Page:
Patricia McCrory, U.S. Geological Survey

Siletz-Crescent Forearc Terrane Revisited (Oreg., Wash., B.C.)—Does a New Kinematic Model Solve an Old Puzzle?

  • DINNER MEETING - Tuesday, January 14, 2014
  • Location: Stanford University

  • 5:30 PM-Social (3/4) Hour, Hartley (in Mitchell Earth Sciences)
  • 6:15 PM-Dinner, Hartley
  • 7:30 PM-Meeting, Hartley

    Map and driving instructions

    Anyone wishing to attend the lecture only is welcome at no cost.

    This will be the 443rd meeting since 1954



    Our forward kinematic plate model depicting motion of the Kula, Farallon, and Juan de Fuca plates as well as the Yellowstone hotspot relative to the Pacific plate reconciles previously conflicting interpretations regarding the origin of Paleogene oceanic terranes currently stranded against the western North America continental margin. By explicitly including a defunct Resurrection plate in our reconstruction of the western North America plate boundary, we are able to account for the Yakutat and Resurrection Peninsula oceanic terranes in Alaska as well as the Siletz and Crescent terranes in Oregon, Washington, and British Columbia as remnants of a Farallon-Resurrection ridge segment that transferred to the North America subduction margin from about 53 to 42 Ma. Moreover, the similarity in age, thickness, and geochemistry between Yakutat basalts and Crescent basalts [Davis and Plafker, 1986, Geology] can be explained by their having previously been adjacent parts of the Resurrection plate. Under a simple model that the Resurrection plate was captured by the Pacific plate at the same time as the Kula plate at ~40 Ma [Lonsdale, 1988, GSAB], the distance between Yakutat and Crescent terranes may have been only a few hundred kilometers at 50 Ma, with both formed near the Yellowstone hotspot. Currently separated by more than 1500 km, this distance is large enough that if previously adjacent, they must have been moving apart for most of the time since their formation.

    Accretion of the Farallon plate fragment and partial subduction of the Resurrection fragment complicates the three-dimensional structure of the modern Cascadia forearc. Our new kinematic model of mobile terranes within the Paleogene North American plate boundary allows reinterpretation of the three-dimensional structure of the Cascadia forearc and its relationship to ongoing seismotectonic processes.

    About the Speaker

    photo of Pat
    Pat McCrory

    Patricia Alison McCrory is a Research Geologist with the U.S. Geological Survey’s Earthquake Science Center since 1988. She obtained her undergraduate degree (Earth Sciences) from U.C. Santa Cruz and her Ph.D. (Geology) from Stanford under Jim Ingle, Steve Graham & Norm Sleep. She started working at USGS as a field assistant to Max Crittenden in the Wasatch Mountains of Utah when she was 19 years old—among other things—learning how to drive with a manual transmission in a military jeep. She has worked on research vessels from southern California to Alaska, and down the Emperor seamount chain to Hawai‘i—including getting caught in a Force 10 hurricane. She served as Chief Scientist on two NOAA RV McArthur cruises in the Olympic Coast National Marine Sanctuary, focused on mapping active faults and folds offshore Washington. She has also examined faults a mile underwater—on the seafloor off the Columbia River in the Navy’s DSV Seacliff submersible. She has always been intrigued by what we can learn from the smaller plate fragments often found stranded along continental margins. Past work includes investigating how the thermal pulse associated with a series of slab windows beneath southern California influenced its breakup into many smaller strike-slip fault blocks; how internal deformation of the Juan de Fuca plate influences the location and abundance of earthquakes in the Pacific Northwest; and more recently how the 3D structure of the Cascadia forearc may hide additional earthquake sources.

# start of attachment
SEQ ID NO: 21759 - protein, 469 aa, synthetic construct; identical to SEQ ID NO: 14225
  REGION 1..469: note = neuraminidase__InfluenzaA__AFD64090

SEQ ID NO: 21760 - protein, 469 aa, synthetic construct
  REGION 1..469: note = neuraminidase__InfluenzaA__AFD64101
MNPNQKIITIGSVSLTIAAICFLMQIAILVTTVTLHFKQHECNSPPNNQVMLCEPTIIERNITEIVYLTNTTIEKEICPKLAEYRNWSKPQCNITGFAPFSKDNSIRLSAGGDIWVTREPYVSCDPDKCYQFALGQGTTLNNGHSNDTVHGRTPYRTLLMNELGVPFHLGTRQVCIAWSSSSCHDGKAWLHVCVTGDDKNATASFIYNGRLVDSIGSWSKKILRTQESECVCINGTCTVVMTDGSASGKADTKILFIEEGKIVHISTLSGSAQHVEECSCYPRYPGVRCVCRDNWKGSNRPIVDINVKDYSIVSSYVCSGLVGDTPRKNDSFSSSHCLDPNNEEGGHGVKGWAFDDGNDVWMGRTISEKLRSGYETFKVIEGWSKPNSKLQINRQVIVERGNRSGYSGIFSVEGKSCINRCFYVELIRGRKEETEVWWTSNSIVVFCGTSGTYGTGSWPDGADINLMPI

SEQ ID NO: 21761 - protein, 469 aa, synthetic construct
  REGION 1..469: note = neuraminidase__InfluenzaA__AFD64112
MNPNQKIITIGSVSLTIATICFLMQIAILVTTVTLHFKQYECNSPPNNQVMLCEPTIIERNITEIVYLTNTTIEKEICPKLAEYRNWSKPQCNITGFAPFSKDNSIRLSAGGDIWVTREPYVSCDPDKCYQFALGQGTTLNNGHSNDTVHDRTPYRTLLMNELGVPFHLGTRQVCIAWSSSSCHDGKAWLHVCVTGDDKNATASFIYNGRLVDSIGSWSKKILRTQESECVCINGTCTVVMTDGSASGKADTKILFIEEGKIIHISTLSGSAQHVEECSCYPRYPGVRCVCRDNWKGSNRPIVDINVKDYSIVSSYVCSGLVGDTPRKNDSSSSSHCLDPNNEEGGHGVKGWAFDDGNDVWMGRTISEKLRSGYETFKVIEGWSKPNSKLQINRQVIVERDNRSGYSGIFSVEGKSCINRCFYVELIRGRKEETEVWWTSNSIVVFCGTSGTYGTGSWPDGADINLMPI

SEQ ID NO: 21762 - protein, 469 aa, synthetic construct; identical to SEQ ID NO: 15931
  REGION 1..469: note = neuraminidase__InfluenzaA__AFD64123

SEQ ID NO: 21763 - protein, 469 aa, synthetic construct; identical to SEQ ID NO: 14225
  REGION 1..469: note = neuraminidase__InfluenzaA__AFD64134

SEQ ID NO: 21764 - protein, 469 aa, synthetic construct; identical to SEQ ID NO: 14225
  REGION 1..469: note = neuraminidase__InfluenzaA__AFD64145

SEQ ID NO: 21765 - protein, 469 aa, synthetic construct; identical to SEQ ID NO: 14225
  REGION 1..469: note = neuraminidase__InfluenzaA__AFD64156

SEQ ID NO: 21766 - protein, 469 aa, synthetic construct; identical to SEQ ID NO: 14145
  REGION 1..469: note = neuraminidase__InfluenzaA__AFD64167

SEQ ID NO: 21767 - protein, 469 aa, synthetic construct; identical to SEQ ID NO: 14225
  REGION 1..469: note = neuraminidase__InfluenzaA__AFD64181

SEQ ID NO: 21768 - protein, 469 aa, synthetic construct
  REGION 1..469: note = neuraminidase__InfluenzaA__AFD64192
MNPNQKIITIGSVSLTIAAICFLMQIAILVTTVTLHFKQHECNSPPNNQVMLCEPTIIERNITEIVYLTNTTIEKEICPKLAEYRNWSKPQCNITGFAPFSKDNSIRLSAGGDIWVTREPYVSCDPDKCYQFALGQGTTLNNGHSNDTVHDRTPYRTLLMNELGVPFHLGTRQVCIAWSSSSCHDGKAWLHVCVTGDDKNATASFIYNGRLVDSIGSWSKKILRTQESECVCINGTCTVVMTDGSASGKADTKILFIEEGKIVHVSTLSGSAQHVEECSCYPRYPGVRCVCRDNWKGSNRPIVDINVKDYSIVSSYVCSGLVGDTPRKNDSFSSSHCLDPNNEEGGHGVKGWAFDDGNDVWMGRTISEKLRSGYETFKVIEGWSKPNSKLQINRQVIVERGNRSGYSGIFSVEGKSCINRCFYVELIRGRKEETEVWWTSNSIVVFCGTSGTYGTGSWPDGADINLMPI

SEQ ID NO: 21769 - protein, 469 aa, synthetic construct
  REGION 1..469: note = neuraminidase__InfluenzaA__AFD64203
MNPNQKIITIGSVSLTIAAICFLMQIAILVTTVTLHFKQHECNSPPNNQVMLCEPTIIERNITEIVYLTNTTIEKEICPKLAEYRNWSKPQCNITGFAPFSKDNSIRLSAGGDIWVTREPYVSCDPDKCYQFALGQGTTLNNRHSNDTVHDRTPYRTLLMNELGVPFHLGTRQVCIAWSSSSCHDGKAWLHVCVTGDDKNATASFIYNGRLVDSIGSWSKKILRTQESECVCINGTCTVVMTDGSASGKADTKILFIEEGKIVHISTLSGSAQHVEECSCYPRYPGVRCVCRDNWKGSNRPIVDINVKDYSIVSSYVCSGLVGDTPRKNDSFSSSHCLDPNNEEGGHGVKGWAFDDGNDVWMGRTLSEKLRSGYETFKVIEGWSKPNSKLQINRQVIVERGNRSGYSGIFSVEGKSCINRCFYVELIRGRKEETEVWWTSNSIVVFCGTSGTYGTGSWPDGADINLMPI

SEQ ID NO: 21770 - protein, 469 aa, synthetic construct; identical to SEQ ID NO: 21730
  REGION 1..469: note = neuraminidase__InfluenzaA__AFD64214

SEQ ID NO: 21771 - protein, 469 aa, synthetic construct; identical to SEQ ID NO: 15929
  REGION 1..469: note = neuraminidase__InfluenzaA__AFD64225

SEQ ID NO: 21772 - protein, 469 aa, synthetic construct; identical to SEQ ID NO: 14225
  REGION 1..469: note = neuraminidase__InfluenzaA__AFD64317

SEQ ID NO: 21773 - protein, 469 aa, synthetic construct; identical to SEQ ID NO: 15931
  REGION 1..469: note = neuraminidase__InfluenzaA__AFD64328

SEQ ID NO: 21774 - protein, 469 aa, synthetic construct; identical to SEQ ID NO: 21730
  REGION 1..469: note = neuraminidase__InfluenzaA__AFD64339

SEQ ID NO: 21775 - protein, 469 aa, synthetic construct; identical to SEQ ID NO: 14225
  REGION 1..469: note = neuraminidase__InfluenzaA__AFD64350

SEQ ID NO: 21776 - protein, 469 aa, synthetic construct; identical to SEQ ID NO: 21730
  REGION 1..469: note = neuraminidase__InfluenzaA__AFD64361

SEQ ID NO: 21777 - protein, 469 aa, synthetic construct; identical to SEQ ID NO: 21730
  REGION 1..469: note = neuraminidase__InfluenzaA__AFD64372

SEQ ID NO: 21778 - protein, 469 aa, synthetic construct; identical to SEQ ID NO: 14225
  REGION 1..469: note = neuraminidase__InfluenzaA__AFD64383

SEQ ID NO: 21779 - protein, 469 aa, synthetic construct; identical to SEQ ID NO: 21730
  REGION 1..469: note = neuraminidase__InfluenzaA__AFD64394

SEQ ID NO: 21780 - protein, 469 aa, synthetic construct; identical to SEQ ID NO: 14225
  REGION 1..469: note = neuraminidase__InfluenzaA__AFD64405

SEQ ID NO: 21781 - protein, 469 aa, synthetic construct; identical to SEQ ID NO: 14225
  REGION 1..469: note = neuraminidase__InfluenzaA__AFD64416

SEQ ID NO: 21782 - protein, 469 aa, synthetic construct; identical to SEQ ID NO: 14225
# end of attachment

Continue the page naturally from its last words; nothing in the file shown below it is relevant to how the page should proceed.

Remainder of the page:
Reservations: The preferred way to make reservations is simply to email Mike Diggles at by Jan. 12, tell him you will attend, commit to pay, and bring your payment to the meeting. Mike always emails a confirmation; if you don’t get one, assume email crashed yet again and email him a second time. A check made to “PGS” is preferred, payable at the meeting.

    If you want to pay in advance:

    Everyone (including Stanford folks now) Please make dinner reservations by Jan. 12. Contact Mike Diggles, at U.S. Geological Survey, 345 Middlefield Road, MS-910 Menlo Park, CA 94025, Tel.: (650) 329-5404. Send check made out to “PGS” to Mike.

    Dinner and the social hour is $35.00; this includes $5 that we use to help pay for students who are only $8.00 (also partially subsidized thanks to the School of Earth Sciences, Stanford University (Note, no-show reservations owe the full price).

    Doris, whose wonderful crew prepares our meals, asked that we let you know that people who are late RSVPing and people who show up without a reservation will be welcome but that they will be eating on paper plates with plastic utensils (food supply permitting).

    Dues for Academic Year 2013-2014 ($10.00) should be sent to Mike Diggles, U.S. Geological Survey, 345 Middlefield Road, MS-910, Menlo Park, CA 94025. Mike’s phone: (650) 329-5404.

    Officers: Brad Buerer, President; Mike Diggles, Secretary-Treasurer; Elizabeth Miller, PGS Stanford University Coordinator

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    Date created: January 6, 2014
    Last modified: January 6, 2014
    Created by: Mike Diggles, Webmaster-Secretary-Treasurer, PGS.

    c/o U.S. Geological Survey, MS-910, 345 Middlefield Road, Menlo Park, CA 94025. (650) 329-5404. email Mike Diggles at

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